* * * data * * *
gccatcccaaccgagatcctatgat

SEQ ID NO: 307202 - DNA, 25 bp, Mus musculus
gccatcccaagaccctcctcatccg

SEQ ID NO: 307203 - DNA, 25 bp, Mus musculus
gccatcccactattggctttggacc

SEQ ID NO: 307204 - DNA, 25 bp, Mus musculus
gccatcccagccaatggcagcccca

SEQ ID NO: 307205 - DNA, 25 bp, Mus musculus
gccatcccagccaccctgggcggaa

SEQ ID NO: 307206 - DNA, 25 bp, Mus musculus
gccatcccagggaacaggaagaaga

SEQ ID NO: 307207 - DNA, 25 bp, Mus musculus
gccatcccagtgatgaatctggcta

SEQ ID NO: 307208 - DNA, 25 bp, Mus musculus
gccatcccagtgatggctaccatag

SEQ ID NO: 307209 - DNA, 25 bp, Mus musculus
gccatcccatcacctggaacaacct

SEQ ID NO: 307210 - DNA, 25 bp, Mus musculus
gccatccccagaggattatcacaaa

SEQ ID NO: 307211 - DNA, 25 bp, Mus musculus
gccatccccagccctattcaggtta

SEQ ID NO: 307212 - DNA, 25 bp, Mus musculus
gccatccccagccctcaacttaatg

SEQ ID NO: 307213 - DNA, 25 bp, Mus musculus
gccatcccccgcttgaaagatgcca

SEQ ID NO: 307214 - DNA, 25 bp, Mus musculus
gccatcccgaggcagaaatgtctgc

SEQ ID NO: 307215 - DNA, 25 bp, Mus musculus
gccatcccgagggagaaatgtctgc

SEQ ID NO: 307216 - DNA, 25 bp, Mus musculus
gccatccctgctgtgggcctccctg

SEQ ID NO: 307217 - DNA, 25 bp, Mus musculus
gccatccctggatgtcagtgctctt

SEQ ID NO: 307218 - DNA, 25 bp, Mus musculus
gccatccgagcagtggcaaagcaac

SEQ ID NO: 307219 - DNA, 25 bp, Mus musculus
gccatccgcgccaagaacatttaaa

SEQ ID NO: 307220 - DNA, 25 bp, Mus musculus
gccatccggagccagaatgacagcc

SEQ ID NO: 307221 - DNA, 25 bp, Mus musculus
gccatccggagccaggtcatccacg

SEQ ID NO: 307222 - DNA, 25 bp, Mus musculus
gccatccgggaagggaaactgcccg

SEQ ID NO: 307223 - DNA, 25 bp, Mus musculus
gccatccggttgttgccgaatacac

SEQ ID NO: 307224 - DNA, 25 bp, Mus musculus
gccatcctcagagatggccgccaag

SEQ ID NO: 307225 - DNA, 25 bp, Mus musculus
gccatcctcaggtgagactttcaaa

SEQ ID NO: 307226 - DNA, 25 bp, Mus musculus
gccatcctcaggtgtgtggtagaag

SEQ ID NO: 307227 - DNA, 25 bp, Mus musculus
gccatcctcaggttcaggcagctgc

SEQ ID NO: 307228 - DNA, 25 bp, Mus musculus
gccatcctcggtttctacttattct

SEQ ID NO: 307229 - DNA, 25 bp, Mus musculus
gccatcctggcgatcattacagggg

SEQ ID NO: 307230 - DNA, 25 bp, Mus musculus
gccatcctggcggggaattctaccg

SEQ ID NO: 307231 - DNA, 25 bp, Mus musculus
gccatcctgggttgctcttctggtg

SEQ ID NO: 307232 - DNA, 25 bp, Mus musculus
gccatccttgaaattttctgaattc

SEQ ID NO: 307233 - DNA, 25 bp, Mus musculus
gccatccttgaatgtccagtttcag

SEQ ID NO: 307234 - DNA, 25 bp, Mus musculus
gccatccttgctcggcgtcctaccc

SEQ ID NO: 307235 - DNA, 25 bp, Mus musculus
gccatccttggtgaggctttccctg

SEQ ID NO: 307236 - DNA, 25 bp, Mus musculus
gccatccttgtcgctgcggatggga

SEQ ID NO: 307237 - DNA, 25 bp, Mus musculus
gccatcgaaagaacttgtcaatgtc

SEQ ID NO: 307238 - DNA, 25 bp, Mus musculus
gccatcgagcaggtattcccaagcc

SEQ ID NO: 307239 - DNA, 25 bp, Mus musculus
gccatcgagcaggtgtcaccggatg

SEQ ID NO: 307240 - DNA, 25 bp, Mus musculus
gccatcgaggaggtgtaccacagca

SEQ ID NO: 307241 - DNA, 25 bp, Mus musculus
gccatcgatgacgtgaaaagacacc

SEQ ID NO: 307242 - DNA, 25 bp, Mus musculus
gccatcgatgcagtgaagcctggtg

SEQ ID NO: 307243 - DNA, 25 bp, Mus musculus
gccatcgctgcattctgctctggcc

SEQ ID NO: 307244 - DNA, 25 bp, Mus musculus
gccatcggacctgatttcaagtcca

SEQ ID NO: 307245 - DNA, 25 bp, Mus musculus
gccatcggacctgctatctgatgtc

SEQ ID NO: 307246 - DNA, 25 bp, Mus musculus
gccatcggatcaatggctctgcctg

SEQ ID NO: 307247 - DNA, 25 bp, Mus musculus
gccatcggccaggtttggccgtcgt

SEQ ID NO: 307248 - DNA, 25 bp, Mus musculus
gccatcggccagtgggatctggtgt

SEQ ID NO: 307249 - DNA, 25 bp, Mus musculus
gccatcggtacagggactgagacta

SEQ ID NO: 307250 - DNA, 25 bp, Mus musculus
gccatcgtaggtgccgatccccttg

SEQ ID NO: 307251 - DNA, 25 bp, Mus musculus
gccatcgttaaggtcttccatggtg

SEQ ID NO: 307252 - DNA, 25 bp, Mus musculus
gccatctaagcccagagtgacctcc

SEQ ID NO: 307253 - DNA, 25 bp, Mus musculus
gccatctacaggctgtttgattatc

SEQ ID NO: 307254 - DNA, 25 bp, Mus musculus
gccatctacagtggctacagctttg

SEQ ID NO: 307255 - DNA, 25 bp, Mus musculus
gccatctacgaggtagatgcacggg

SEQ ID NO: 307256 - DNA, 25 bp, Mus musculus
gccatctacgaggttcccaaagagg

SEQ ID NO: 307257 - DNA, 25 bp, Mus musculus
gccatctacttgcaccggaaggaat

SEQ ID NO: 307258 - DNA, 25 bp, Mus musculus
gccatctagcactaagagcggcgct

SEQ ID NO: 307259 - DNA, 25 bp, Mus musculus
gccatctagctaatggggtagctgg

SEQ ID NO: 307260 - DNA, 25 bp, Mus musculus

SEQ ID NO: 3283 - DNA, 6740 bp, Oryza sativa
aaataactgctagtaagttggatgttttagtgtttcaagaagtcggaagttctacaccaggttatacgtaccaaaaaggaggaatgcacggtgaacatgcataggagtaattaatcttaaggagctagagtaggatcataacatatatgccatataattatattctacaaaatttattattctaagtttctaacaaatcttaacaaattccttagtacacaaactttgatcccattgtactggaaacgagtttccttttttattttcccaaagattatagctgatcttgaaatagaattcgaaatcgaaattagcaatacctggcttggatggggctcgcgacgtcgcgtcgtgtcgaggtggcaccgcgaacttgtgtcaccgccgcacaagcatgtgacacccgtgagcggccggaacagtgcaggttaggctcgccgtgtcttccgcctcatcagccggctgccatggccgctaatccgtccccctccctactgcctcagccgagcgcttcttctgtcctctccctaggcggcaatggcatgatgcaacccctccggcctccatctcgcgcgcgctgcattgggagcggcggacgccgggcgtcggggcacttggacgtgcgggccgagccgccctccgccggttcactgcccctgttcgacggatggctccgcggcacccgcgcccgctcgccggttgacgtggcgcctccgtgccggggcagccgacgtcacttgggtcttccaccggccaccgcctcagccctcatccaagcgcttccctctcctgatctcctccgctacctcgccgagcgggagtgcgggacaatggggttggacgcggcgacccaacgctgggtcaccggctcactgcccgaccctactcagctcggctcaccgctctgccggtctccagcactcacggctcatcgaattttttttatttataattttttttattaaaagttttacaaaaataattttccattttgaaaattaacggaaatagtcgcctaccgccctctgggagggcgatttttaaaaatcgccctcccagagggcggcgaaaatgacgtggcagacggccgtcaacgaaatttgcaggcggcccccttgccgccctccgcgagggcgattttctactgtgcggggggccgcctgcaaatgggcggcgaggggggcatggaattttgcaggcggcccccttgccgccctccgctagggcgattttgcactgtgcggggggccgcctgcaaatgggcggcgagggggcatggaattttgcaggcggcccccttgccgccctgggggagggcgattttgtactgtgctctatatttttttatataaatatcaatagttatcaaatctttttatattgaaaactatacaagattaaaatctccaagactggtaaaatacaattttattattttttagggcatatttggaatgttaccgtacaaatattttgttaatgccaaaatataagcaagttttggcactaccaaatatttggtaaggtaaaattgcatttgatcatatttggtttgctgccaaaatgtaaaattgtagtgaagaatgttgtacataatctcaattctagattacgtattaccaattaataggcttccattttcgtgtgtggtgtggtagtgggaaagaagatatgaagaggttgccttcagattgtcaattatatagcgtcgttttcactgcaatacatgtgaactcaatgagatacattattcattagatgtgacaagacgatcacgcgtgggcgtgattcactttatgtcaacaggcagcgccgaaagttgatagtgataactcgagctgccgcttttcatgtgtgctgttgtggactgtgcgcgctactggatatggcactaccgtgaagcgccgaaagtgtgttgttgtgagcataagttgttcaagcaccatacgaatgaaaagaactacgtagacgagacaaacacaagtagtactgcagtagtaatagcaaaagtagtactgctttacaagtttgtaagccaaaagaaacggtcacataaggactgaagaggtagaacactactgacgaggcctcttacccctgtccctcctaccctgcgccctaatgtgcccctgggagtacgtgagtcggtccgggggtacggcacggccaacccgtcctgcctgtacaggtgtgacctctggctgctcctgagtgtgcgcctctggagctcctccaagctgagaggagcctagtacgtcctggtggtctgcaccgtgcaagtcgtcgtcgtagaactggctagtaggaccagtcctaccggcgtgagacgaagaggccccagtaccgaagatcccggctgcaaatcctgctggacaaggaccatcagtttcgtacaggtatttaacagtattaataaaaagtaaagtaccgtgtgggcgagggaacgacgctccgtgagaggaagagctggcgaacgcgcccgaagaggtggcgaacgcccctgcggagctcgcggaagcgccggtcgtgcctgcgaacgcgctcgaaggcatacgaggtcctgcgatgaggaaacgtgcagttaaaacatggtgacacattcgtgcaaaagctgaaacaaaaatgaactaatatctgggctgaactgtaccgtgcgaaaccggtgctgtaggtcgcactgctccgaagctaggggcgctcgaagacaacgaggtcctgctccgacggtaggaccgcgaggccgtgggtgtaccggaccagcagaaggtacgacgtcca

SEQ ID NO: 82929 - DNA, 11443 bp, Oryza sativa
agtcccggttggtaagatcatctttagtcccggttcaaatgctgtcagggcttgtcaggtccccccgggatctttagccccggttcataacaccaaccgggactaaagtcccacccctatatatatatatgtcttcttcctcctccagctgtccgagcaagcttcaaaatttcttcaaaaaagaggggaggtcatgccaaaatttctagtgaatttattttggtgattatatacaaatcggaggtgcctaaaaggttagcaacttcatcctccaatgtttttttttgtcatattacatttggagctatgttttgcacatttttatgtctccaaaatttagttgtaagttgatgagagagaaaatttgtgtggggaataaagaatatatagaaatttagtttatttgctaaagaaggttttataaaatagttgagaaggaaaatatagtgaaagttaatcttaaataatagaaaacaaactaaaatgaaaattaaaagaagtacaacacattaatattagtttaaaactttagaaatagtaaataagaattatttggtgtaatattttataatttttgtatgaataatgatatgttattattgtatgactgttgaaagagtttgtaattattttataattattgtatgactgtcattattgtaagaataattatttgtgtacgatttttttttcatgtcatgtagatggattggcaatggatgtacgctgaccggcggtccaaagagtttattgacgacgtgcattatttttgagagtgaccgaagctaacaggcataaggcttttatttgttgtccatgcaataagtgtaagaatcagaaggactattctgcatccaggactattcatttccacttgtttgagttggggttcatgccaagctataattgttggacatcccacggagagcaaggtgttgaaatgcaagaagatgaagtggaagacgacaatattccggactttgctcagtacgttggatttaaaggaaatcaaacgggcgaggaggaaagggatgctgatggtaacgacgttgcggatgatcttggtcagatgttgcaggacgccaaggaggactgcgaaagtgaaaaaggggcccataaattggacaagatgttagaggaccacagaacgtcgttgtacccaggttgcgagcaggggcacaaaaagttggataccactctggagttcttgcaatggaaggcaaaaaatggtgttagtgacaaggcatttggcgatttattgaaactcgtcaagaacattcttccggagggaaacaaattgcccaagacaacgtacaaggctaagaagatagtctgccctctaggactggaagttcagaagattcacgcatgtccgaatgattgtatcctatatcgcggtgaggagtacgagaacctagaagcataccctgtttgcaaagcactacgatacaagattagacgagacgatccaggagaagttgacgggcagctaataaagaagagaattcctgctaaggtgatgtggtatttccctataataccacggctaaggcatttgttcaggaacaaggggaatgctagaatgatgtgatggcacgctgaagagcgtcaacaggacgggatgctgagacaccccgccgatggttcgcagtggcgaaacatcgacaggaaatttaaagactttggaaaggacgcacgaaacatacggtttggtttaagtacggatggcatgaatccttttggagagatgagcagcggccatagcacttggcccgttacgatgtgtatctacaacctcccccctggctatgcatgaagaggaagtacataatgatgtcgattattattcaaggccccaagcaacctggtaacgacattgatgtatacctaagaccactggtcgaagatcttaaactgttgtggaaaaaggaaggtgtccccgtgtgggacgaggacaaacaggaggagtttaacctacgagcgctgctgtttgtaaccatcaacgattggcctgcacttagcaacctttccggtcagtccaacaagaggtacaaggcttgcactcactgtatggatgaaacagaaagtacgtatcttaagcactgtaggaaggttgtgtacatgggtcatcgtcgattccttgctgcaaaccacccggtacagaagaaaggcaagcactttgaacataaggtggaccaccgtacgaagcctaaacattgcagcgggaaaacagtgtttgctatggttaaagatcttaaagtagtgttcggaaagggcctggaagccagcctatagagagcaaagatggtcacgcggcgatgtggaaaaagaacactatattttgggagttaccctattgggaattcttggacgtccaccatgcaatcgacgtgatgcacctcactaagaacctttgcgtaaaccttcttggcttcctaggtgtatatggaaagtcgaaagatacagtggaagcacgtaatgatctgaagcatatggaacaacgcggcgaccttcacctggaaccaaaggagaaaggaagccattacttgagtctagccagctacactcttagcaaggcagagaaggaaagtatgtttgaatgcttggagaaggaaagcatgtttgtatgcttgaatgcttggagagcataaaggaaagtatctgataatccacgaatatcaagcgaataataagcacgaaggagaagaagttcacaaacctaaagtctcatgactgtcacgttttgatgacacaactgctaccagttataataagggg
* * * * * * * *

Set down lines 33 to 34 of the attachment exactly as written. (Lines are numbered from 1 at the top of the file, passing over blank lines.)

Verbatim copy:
gccatccctggatgtcagtgctctt

SEQ ID NO: 307218 - DNA, 25 bp, Mus musculus